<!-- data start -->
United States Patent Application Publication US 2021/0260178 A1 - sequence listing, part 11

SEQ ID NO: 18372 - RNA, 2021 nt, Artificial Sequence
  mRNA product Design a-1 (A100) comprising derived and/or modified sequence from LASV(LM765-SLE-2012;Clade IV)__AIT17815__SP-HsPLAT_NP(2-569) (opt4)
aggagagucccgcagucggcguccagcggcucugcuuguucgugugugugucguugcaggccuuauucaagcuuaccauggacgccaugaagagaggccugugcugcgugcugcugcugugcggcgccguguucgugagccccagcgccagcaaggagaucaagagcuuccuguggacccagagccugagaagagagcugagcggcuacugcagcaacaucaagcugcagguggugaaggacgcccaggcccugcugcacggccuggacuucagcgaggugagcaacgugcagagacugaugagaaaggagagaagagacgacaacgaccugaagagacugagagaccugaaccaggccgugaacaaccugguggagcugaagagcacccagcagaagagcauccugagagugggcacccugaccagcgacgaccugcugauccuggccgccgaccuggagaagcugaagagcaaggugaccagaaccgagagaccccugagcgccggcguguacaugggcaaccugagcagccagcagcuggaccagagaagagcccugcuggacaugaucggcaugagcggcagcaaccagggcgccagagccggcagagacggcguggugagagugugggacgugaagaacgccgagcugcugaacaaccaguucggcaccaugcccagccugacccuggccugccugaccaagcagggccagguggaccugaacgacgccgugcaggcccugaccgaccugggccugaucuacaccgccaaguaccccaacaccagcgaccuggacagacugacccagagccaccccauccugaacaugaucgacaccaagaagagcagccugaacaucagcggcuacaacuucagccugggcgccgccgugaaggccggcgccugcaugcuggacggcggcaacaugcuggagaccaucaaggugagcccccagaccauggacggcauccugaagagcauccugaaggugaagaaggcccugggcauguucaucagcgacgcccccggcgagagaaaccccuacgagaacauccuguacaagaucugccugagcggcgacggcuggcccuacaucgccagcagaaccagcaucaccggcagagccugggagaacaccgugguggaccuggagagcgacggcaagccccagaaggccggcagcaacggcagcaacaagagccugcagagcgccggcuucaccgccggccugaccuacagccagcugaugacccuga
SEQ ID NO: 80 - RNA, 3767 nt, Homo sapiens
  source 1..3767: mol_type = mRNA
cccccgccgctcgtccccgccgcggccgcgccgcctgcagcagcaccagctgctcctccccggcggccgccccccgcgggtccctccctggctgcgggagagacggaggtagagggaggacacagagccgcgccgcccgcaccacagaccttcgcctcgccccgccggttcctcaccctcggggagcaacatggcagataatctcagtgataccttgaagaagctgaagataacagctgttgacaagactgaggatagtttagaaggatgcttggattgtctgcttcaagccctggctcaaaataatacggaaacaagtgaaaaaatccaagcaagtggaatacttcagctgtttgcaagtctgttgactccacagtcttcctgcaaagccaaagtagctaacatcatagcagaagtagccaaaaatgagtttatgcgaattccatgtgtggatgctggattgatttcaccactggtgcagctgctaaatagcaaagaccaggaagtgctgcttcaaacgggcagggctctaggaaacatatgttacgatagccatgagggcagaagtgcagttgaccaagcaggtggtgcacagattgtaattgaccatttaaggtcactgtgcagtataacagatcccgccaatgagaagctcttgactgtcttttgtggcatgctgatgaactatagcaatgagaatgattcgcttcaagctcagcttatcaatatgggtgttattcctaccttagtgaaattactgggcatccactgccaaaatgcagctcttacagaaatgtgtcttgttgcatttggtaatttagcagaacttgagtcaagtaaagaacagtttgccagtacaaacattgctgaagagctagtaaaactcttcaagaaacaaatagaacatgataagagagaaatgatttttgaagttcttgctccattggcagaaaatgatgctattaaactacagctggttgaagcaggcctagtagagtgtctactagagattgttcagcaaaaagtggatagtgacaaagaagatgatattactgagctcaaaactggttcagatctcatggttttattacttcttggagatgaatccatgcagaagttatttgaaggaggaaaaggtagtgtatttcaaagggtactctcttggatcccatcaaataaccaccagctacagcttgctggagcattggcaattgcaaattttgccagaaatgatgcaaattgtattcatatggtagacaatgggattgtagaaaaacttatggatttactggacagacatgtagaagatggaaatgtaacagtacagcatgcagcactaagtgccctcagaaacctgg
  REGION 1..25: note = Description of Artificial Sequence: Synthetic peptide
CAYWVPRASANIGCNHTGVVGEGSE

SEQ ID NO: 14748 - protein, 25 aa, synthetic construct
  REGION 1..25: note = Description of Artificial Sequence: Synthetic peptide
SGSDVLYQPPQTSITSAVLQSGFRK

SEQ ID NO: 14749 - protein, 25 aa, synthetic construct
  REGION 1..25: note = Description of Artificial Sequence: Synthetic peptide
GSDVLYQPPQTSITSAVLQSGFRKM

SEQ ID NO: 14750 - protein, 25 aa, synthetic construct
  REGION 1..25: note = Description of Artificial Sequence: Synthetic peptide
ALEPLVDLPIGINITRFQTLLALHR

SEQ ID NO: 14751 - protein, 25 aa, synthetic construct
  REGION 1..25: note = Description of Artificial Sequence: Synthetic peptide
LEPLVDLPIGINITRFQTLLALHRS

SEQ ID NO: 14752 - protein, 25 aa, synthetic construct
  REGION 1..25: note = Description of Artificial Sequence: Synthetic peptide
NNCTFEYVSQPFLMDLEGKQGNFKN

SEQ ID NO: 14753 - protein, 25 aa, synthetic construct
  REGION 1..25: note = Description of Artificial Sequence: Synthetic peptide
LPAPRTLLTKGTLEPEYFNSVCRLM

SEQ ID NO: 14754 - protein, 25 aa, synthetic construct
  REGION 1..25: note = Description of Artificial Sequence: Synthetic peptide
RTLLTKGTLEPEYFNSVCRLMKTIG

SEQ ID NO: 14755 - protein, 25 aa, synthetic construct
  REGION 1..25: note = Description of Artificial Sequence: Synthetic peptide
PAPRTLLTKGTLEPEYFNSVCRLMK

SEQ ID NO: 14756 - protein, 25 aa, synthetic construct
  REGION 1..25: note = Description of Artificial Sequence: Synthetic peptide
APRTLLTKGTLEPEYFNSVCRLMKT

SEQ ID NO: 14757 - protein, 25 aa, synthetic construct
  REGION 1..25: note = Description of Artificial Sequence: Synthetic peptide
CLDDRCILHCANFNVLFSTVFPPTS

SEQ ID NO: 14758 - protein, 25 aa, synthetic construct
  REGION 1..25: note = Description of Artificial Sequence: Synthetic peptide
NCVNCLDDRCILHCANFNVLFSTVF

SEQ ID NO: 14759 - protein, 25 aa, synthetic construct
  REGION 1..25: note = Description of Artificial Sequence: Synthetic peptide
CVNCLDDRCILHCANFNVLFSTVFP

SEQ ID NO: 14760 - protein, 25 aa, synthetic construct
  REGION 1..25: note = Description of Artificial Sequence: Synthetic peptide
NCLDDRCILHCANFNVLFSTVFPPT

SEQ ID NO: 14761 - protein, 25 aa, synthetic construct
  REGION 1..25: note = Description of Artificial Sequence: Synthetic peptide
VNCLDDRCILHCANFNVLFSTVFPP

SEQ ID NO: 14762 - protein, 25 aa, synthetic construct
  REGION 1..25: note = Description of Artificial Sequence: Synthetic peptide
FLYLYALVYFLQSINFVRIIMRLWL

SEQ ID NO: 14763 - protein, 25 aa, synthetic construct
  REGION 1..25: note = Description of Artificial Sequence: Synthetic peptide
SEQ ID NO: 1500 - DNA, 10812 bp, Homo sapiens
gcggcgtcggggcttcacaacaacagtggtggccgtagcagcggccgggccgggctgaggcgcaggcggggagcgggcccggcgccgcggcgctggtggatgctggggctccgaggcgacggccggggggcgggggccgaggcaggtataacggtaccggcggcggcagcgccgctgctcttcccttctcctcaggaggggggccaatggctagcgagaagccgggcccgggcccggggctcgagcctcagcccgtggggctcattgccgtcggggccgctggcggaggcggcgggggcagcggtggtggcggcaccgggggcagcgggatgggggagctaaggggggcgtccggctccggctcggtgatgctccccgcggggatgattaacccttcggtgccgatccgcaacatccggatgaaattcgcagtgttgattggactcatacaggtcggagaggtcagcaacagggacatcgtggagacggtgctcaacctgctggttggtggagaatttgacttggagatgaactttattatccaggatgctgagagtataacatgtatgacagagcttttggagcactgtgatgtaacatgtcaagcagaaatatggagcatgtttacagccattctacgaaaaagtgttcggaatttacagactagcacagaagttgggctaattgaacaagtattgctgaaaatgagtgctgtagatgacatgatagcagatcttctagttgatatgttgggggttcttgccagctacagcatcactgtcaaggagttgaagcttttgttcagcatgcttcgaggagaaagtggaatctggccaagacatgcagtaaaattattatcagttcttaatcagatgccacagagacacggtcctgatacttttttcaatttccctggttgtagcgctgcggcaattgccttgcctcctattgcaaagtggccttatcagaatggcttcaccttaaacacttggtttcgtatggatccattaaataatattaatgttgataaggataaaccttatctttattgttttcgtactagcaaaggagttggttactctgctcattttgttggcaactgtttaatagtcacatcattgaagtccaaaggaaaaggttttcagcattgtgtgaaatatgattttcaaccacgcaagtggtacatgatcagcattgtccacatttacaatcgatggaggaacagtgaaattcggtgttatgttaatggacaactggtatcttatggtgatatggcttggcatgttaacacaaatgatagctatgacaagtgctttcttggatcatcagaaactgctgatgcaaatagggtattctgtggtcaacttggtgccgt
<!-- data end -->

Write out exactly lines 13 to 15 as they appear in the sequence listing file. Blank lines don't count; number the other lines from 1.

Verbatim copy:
SEQ ID NO: 14749 - protein, 25 aa, synthetic construct
  REGION 1..25: note = Description of Artificial Sequence: Synthetic peptide
GSDVLYQPPQTSITSAVLQSGFRKM